New Avengers #15

For a comic book with "Avengers" in the title, Jonathan Hickman and Simone Bianchi's "New Avengers" #15 really doesn't have much avenging going on at all. There's lots of talking, a fair amount of hand-wringing and more than a couple scenes sure to leave readers puzzled.

Hickman opens the issue with a reduced cast of Illuminati -- Tony Stark, Beast, Black Panther, Reed Richards and Black Bolt -- augmented by Maximus, who simply seems to be present solely to challenge prevalent thought processes. The group is discussing a new discovery of Beast's and using all manner of comic book physics, incomplete and interrupted sentences and sci-fi mumbo jumbo to the point where Richards, Beast and Maximus (who, mind you, is crazy) are all on the same wavelength, but Tony Stark is throwing his hands in the air in frustration. At that juncture, Hickman affords Black Panther the luxury of being the voice of reason and rationale in "New Avengers" #15 as the former Wakandan king breaks down the discovery into moderately understandable and intriguing language for the reader -- five pages into the story. Beyond that exposition, this issue doesn't offer much in the way of true development, preferring to mark out time and, once more, delve into the secrets of the Black Swan. The problem there is that the scenes with the Swan don't flow linearly, but lack the proper road markers to make the journey anywhere near as coherent as it needs to be to remain engaging.

Bianchi's art in "New Avengers" #15 is wildly uneven, with panels that are frameably gorgeous to panels that feature Picasso-like homages to Jack Kirby's creations. Riccardo Pieruccini is credited with assisting Bianchi, which might account for some of the unevenness, but when the duo is on, they are definitely on and when they're off, it's almost painful. Thankfully there are far more "on" images in this comic book than "off" ones. Adriano Dall'Alpi's coloring fits Bianchi's stunning range of lines and significant uses of blacks and washes. Some of the characters cooperate with Bianchi's style more than others. While Beast nicely fits the style, Bianchi is actually drawing an older visage of Hank McCoy. Panther and Swan are the two characters Bianchi most excels at, but T'Challa gets short shrift in this issue.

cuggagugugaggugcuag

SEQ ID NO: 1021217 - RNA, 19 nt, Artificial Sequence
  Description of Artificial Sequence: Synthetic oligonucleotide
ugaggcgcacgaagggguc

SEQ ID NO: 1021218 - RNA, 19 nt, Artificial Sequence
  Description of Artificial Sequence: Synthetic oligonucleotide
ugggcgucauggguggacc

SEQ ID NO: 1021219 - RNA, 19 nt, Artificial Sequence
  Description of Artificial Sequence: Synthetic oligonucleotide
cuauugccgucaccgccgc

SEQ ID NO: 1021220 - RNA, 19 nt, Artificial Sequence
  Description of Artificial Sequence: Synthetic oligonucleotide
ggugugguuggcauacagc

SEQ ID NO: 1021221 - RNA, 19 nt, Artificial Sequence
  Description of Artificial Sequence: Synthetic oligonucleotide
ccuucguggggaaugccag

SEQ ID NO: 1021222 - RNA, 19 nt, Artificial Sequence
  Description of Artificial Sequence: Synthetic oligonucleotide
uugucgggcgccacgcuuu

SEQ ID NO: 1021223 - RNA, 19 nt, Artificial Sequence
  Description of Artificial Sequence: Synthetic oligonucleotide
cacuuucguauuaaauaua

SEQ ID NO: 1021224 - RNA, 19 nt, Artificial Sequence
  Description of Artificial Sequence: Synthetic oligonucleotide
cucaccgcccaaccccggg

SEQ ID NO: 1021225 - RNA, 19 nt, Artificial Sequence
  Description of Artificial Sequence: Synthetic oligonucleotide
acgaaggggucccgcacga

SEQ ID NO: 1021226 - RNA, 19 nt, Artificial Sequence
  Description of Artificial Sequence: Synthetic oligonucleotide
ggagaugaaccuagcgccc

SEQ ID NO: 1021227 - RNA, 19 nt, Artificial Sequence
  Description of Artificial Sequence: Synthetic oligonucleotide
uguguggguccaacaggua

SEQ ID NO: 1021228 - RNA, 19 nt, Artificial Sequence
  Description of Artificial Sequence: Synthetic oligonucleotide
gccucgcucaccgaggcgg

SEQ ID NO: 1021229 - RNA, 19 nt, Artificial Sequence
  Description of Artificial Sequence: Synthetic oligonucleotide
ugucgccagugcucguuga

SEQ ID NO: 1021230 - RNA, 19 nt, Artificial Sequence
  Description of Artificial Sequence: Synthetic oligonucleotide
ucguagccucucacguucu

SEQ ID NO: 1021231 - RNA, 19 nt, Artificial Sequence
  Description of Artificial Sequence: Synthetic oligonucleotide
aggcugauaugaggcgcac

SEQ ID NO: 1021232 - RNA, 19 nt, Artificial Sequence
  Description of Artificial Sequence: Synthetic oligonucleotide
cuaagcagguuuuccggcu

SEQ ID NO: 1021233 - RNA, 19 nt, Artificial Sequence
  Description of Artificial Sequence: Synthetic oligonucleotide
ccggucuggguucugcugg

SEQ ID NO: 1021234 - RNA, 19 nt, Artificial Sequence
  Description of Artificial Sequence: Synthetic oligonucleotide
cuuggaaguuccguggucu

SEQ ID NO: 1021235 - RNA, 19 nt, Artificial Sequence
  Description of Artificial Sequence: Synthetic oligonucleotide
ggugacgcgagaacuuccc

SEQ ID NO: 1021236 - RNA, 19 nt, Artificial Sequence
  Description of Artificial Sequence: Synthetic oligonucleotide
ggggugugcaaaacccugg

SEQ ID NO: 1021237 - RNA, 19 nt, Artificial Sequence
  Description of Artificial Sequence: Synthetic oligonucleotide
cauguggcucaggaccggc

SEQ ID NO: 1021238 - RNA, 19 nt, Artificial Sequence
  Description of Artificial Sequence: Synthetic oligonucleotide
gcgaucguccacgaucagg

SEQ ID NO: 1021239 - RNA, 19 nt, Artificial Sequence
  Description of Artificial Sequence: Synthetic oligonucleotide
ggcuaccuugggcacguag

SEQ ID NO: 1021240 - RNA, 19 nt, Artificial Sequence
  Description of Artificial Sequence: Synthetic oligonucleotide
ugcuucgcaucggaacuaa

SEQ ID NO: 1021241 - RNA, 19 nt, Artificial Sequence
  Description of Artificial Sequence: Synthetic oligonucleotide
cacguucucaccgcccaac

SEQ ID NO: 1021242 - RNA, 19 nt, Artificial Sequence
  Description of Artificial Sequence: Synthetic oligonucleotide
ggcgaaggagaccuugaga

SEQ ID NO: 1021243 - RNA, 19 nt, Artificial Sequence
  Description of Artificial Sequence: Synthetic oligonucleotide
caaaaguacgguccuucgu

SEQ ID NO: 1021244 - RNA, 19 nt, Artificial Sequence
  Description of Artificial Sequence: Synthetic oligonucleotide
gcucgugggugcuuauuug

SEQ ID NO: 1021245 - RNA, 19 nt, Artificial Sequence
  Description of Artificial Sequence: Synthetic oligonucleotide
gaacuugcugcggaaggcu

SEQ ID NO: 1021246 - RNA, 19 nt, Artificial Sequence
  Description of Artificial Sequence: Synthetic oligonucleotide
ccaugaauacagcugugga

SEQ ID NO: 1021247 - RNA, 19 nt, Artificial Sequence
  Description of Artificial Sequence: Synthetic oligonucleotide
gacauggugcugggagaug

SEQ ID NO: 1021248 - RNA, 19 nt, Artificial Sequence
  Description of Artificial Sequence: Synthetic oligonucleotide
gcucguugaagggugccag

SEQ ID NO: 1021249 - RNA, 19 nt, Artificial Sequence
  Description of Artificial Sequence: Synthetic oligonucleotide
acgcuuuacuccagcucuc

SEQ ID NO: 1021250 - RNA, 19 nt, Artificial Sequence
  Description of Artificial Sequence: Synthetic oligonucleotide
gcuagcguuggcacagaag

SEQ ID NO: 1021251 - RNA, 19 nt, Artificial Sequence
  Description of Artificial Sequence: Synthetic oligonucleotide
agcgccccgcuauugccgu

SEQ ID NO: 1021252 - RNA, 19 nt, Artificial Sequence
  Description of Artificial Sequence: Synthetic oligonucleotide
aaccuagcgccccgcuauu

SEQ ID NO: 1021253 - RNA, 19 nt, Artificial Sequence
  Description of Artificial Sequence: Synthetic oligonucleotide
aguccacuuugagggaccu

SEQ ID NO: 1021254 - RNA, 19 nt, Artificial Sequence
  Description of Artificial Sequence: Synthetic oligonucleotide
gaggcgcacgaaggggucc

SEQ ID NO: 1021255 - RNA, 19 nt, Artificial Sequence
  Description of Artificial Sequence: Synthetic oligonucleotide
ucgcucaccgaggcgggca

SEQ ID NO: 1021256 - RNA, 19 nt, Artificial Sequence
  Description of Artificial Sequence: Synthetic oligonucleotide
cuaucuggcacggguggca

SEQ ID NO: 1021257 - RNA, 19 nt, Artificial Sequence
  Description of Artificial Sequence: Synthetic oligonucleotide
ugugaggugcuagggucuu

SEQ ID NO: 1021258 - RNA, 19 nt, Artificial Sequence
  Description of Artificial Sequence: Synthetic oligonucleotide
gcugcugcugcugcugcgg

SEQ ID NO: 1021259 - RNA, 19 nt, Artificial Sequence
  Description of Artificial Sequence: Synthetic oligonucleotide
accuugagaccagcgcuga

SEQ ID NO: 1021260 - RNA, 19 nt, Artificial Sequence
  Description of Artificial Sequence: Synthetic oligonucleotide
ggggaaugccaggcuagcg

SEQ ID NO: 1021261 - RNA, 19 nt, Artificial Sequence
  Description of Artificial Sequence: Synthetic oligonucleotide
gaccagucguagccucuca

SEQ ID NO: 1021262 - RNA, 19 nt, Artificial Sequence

"New Avengers" #15, like "Guardians of the Galaxy" #11.NOW lacks the proper amount of heart and worthy adventure to hold interest. I'm not sure how much longer the looming threat of incursions can be held above the Illuminati before totally transforming these characters into cardboard caricatures of themselves, but it feels like it's getting pretty close. I have no problem with secret enclaves occurring throughout the Marvel Universe, but the collective intelligence represented in the Illuminati should be enough of a preventative to avoid issues like this one. Let's see some avenging, some teamwork, some heroism, not hand-wringing and woe-as-me-ing. That said, if anyone can turn this around and make "New Avengers" #15 transform into an historically important comic book, it would be Jonathan Hickman, so here's hoping.

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